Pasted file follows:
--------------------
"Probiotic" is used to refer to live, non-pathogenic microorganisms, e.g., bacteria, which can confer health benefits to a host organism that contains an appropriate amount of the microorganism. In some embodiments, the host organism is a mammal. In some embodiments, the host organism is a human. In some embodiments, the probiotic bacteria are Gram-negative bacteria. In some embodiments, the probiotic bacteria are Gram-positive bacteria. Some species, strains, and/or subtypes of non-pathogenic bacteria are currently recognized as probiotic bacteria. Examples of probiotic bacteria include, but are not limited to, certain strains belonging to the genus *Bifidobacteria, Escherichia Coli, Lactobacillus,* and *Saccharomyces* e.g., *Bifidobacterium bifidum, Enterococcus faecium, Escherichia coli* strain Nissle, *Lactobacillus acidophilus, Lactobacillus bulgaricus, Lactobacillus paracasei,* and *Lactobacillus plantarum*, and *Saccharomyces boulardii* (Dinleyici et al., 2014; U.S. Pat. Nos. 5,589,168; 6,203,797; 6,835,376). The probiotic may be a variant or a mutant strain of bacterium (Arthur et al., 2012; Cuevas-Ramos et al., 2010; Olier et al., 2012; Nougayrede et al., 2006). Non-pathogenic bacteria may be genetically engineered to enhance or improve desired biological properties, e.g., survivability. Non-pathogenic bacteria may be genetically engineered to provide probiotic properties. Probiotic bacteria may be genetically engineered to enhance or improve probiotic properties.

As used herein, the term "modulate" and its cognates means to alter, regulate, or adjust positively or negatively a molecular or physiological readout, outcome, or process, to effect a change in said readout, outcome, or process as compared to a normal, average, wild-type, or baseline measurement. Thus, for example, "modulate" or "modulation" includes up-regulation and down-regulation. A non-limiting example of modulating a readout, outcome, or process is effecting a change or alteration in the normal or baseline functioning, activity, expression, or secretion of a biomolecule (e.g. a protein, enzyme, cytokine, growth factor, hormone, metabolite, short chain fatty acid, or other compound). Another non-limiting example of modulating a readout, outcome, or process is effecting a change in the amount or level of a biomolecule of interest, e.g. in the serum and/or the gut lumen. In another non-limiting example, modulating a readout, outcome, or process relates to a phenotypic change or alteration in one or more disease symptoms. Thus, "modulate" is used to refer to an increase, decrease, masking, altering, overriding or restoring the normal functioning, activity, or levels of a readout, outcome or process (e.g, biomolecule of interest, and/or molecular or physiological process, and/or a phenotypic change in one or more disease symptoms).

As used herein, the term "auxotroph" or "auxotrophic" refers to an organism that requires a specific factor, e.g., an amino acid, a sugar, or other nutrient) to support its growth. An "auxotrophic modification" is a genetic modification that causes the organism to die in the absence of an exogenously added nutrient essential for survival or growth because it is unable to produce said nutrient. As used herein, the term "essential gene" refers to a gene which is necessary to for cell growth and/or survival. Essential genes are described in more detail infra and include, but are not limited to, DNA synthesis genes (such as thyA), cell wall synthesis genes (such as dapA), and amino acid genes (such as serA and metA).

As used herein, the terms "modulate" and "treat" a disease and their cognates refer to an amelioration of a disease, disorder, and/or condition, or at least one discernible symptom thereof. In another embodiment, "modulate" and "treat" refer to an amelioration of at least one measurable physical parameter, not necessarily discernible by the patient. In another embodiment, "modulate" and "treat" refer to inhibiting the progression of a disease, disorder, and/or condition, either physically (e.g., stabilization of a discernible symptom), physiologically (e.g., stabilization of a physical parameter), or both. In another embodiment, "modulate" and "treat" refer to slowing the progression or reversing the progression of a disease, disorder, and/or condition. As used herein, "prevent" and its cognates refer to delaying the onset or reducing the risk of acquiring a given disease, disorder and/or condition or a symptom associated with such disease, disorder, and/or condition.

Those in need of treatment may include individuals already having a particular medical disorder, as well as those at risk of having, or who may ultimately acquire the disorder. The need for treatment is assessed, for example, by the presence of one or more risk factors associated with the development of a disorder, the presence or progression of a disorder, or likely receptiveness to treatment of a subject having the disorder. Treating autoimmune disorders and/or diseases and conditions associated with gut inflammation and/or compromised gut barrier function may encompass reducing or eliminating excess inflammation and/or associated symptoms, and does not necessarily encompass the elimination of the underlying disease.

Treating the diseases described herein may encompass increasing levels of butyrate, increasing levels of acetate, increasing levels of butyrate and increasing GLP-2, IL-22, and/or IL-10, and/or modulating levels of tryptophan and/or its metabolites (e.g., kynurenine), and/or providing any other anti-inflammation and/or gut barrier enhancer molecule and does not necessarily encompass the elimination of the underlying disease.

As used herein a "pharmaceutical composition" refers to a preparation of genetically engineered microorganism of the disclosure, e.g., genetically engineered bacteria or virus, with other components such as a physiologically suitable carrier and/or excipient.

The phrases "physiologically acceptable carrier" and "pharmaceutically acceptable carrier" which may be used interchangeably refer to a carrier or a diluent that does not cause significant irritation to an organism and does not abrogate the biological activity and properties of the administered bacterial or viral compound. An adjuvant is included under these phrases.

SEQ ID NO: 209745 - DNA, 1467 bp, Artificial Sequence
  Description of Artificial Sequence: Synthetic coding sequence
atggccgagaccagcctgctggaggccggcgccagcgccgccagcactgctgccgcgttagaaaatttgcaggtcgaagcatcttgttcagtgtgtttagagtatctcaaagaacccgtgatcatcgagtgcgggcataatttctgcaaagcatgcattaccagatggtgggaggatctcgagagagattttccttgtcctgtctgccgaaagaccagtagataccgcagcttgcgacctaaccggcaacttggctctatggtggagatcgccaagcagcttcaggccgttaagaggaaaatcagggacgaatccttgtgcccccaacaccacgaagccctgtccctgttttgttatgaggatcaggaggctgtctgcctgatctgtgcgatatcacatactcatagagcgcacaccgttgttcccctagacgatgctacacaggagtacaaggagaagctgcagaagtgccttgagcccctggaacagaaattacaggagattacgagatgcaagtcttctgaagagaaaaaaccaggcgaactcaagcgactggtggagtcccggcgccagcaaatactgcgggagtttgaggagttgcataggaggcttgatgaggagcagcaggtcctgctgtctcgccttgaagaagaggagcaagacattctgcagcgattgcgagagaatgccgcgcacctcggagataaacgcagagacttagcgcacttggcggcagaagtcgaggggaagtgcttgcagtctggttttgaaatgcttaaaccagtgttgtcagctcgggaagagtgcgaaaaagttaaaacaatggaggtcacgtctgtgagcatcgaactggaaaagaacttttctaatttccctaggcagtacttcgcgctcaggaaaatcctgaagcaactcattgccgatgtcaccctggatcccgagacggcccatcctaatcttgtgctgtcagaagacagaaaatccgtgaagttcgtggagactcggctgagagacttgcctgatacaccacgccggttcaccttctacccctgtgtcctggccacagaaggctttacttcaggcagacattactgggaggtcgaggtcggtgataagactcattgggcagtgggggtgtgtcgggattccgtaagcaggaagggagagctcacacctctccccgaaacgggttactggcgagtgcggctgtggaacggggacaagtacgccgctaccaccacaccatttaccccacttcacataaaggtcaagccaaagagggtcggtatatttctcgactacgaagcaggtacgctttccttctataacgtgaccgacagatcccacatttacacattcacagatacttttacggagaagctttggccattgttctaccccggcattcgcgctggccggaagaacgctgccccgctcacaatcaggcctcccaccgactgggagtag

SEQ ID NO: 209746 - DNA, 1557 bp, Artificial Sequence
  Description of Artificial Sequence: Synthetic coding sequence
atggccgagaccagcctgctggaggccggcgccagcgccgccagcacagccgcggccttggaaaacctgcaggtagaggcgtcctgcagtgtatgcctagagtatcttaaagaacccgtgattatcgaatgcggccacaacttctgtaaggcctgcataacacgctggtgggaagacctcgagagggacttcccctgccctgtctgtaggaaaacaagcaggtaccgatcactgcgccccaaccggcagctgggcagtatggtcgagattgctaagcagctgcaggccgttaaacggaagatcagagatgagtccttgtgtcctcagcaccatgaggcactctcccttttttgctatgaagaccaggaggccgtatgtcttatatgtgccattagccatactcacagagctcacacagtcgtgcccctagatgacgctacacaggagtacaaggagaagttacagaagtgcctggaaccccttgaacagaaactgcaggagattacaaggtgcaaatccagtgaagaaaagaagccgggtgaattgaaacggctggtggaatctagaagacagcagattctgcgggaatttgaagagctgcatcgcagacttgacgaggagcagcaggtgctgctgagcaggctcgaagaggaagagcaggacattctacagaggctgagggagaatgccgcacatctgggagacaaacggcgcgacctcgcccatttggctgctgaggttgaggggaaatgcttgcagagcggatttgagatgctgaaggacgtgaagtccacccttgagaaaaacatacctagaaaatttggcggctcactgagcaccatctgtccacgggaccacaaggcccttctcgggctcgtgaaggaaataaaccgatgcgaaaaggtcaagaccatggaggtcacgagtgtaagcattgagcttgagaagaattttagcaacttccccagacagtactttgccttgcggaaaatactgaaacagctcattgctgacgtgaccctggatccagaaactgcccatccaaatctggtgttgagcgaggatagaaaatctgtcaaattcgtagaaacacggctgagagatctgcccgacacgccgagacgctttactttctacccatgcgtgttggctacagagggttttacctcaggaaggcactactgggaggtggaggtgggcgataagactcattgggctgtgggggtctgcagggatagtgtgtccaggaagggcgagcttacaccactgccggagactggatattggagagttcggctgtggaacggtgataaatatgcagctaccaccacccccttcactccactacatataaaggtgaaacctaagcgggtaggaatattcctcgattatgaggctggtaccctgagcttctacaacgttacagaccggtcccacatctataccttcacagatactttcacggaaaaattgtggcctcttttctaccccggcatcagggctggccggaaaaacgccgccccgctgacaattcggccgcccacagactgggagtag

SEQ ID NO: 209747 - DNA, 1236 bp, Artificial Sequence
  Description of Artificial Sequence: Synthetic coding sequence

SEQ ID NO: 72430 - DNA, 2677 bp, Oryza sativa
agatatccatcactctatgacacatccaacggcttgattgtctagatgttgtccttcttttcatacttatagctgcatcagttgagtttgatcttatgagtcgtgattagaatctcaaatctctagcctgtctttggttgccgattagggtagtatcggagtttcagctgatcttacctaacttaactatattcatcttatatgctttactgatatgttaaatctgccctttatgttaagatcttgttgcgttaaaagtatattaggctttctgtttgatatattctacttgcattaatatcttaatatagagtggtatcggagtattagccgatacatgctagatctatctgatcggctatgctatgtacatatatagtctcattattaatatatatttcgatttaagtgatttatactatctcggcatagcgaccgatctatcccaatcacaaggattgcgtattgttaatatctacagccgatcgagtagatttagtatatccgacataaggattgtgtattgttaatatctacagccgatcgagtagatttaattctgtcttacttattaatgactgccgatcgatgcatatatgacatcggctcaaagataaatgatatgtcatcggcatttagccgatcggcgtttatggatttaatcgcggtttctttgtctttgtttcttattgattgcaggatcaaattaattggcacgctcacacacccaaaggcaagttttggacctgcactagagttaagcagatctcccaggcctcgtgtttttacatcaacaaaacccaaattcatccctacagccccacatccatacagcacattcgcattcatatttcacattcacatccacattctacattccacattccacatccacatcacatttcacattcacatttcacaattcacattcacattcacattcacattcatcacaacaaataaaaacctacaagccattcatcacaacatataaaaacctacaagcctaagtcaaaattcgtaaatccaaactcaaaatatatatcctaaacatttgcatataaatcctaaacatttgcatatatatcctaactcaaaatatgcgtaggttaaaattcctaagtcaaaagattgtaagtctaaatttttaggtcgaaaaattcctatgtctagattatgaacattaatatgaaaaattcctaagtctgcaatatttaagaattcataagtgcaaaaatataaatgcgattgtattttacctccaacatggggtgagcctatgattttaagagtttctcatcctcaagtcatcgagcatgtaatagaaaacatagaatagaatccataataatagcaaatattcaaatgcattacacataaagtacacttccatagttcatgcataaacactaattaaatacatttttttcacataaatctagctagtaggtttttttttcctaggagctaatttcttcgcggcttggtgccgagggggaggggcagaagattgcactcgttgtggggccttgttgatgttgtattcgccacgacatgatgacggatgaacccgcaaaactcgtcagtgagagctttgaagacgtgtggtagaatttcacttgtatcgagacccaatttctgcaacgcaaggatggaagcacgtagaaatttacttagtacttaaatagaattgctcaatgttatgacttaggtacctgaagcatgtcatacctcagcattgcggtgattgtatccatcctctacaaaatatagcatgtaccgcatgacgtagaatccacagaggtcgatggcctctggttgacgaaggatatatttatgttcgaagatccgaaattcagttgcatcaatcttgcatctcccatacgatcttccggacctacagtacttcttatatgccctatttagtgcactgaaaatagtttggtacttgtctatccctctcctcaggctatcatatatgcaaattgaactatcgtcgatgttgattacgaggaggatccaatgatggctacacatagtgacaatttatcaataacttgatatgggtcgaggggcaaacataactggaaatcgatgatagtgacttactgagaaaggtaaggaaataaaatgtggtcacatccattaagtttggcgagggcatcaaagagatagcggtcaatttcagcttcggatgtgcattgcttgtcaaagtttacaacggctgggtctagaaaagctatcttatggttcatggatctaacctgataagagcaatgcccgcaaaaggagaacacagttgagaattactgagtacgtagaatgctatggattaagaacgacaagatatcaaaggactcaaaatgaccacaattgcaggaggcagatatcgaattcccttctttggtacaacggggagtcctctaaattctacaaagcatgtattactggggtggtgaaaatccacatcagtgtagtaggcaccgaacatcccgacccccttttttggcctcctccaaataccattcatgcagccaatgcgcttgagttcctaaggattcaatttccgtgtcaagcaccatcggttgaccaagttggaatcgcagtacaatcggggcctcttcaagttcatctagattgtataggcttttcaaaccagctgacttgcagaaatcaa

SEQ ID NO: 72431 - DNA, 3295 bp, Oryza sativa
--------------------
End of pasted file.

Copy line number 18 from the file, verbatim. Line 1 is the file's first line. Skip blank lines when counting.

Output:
agatatccatcactctatgacacatccaacggcttgattgtctagatgttgtccttcttttcatacttatagctgcatcagttgagtttgatcttatgagtcgtgattagaatctcaaatctctagcctgtctttggttgccgattagggtagtatcggagtttcagctgatcttacctaacttaactatattcatcttatatgctttactgatatgttaaatctgccctttatgttaagatcttgttgcgttaaaagtatattaggctttctgtttgatatattctacttgcattaatatcttaatatagagtggtatcggagtattagccgatacatgctagatctatctgatcggctatgctatgtacatatatagtctcattattaatatatatttcgatttaagtgatttatactatctcggcatagcgaccgatctatcccaatcacaaggattgcgtattgttaatatctacagccgatcgagtagatttagtatatccgacataaggattgtgtattgttaatatctacagccgatcgagtagatttaattctgtcttacttattaatgactgccgatcgatgcatatatgacatcggctcaaagataaatgatatgtcatcggcatttagccgatcggcgtttatggatttaatcgcggtttctttgtctttgtttcttattgattgcaggatcaaattaattggcacgctcacacacccaaaggcaagttttggacctgcactagagttaagcagatctcccaggcctcgtgtttttacatcaacaaaacccaaattcatccctacagccccacatccatacagcacattcgcattcatatttcacattcacatccacattctacattccacattccacatccacatcacatttcacattcacatttcacaattcacattcacattcacattcacattcatcacaacaaataaaaacctacaagccattcatcacaacatataaaaacctacaagcctaagtcaaaattcgtaaatccaaactcaaaatatatatcctaaacatttgcatataaatcctaaacatttgcatatatatcctaactcaaaatatgcgtaggttaaaattcctaagtcaaaagattgtaagtctaaatttttaggtcgaaaaattcctatgtctagattatgaacattaatatgaaaaattcctaagtctgcaatatttaagaattcataagtgcaaaaatataaatgcgattgtattttacctccaacatggggtgagcctatgattttaagagtttctcatcctcaagtcatcgagcatgtaatagaaaacatagaatagaatccataataatagcaaatattcaaatgcattacacataaagtacacttccatagttcatgcataaacactaattaaatacatttttttcacataaatctagctagtaggtttttttttcctaggagctaatttcttcgcggcttggtgccgagggggaggggcagaagattgcactcgttgtggggccttgttgatgttgtattcgccacgacatgatgacggatgaacccgcaaaactcgtcagtgagagctttgaagacgtgtggtagaatttcacttgtatcgagacccaatttctgcaacgcaaggatggaagcacgtagaaatttacttagtacttaaatagaattgctcaatgttatgacttaggtacctgaagcatgtcatacctcagcattgcggtgattgtatccatcctctacaaaatatagcatgtaccgcatgacgtagaatccacagaggtcgatggcctctggttgacgaaggatatatttatgttcgaagatccgaaattcagttgcatcaatcttgcatctcccatacgatcttccggacctacagtacttcttatatgccctatttagtgcactgaaaatagtttggtacttgtctatccctctcctcaggctatcatatatgcaaattgaactatcgtcgatgttgattacgaggaggatccaatgatggctacacatagtgacaatttatcaataacttgatatgggtcgaggggcaaacataactggaaatcgatgatagtgacttactgagaaaggtaaggaaataaaatgtggtcacatccattaagtttggcgagggcatcaaagagatagcggtcaatttcagcttcggatgtgcattgcttgtcaaagtttacaacggctgggtctagaaaagctatcttatggttcatggatctaacctgataagagcaatgcccgcaaaaggagaacacagttgagaattactgagtacgtagaatgctatggattaagaacgacaagatatcaaaggactcaaaatgaccacaattgcaggaggcagatatcgaattcccttctttggtacaacggggagtcctctaaattctacaaagcatgtattactggggtggtgaaaatccacatcagtgtagtaggcaccgaacatcccgacccccttttttggcctcctccaaataccattcatgcagccaatgcgcttgagttcctaaggattcaatttccgtgtcaagcaccatcggttgaccaagttggaatcgcagtacaatcggggcctcttcaagttcatctagattgtataggcttttcaaaccagctgacttgcagaaatcaa